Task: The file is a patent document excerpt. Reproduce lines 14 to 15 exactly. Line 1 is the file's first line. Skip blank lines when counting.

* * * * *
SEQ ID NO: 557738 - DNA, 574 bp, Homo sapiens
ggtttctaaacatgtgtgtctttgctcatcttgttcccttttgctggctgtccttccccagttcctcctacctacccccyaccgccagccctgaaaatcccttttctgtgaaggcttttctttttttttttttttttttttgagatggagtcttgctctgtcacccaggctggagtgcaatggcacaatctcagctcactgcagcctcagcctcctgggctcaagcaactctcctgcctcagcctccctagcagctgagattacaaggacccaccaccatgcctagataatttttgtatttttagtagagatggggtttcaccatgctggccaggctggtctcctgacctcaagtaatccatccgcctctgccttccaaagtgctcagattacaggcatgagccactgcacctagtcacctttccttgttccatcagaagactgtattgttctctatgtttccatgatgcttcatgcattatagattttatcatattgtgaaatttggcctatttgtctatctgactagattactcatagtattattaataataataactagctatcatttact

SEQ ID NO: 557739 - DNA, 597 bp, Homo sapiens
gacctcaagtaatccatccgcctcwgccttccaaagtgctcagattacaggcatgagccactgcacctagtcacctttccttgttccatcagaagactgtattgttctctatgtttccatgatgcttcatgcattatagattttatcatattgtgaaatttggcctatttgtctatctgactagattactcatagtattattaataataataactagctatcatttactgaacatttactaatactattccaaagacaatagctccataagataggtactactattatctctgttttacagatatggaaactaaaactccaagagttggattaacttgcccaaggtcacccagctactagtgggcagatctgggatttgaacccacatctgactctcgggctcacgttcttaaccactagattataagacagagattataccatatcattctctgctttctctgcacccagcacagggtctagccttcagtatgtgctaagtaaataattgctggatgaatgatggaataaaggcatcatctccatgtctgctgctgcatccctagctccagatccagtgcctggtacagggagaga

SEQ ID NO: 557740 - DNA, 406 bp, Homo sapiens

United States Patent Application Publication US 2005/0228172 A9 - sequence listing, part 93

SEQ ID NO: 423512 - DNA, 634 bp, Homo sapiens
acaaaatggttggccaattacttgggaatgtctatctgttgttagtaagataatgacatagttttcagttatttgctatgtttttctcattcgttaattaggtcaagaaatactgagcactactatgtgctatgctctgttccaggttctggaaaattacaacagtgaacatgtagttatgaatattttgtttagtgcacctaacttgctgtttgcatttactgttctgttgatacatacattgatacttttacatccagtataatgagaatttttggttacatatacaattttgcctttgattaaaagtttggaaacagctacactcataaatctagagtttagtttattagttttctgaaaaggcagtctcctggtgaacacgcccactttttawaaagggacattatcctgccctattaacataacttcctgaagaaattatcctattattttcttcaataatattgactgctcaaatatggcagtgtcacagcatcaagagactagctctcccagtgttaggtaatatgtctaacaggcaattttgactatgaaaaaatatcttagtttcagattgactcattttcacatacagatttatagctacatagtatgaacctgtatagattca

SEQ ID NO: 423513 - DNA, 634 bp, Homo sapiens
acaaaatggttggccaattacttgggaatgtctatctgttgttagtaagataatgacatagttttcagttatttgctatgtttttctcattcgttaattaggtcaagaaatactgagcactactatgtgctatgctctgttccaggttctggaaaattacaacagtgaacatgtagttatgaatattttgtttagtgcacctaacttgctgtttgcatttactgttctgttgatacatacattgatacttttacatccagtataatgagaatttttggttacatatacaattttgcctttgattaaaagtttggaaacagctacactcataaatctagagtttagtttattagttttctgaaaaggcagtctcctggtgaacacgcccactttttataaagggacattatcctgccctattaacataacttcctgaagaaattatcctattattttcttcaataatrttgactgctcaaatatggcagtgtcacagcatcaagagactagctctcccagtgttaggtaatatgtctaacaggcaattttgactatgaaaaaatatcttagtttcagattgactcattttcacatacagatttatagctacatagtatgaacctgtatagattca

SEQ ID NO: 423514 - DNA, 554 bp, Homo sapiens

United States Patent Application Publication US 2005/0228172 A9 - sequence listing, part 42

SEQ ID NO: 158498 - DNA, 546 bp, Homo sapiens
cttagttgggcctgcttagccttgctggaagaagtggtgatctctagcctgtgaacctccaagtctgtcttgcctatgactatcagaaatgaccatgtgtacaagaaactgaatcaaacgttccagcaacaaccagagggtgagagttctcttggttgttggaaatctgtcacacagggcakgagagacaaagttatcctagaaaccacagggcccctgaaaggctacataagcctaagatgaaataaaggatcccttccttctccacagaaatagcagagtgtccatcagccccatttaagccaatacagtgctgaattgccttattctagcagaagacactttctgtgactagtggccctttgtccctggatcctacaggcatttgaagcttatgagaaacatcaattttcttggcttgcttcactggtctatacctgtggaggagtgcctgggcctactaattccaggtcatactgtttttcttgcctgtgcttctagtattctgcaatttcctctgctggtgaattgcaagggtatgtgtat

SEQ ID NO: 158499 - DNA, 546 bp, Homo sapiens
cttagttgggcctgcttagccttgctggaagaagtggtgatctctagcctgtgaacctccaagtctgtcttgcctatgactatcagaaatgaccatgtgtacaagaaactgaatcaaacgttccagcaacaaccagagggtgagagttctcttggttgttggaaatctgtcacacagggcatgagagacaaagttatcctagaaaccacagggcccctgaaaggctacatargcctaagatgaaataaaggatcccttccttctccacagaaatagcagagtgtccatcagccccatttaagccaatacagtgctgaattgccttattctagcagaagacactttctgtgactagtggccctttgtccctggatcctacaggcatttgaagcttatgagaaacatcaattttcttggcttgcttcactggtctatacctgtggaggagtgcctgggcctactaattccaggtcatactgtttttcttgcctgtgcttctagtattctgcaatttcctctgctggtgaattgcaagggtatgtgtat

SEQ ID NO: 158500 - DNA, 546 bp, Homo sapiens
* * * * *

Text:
cttagttgggcctgcttagccttgctggaagaagtggtgatctctagcctgtgaacctccaagtctgtcttgcctatgactatcagaaatgaccatgtgtacaagaaactgaatcaaacgttccagcaacaaccagagggtgagagttctcttggttgttggaaatctgtcacacagggcakgagagacaaagttatcctagaaaccacagggcccctgaaaggctacataagcctaagatgaaataaaggatcccttccttctccacagaaatagcagagtgtccatcagccccatttaagccaatacagtgctgaattgccttattctagcagaagacactttctgtgactagtggccctttgtccctggatcctacaggcatttgaagcttatgagaaacatcaattttcttggcttgcttcactggtctatacctgtggaggagtgcctgggcctactaattccaggtcatactgtttttcttgcctgtgcttctagtattctgcaatttcctctgctggtgaattgcaagggtatgtgtat

SEQ ID NO: 158499 - DNA, 546 bp, Homo sapiens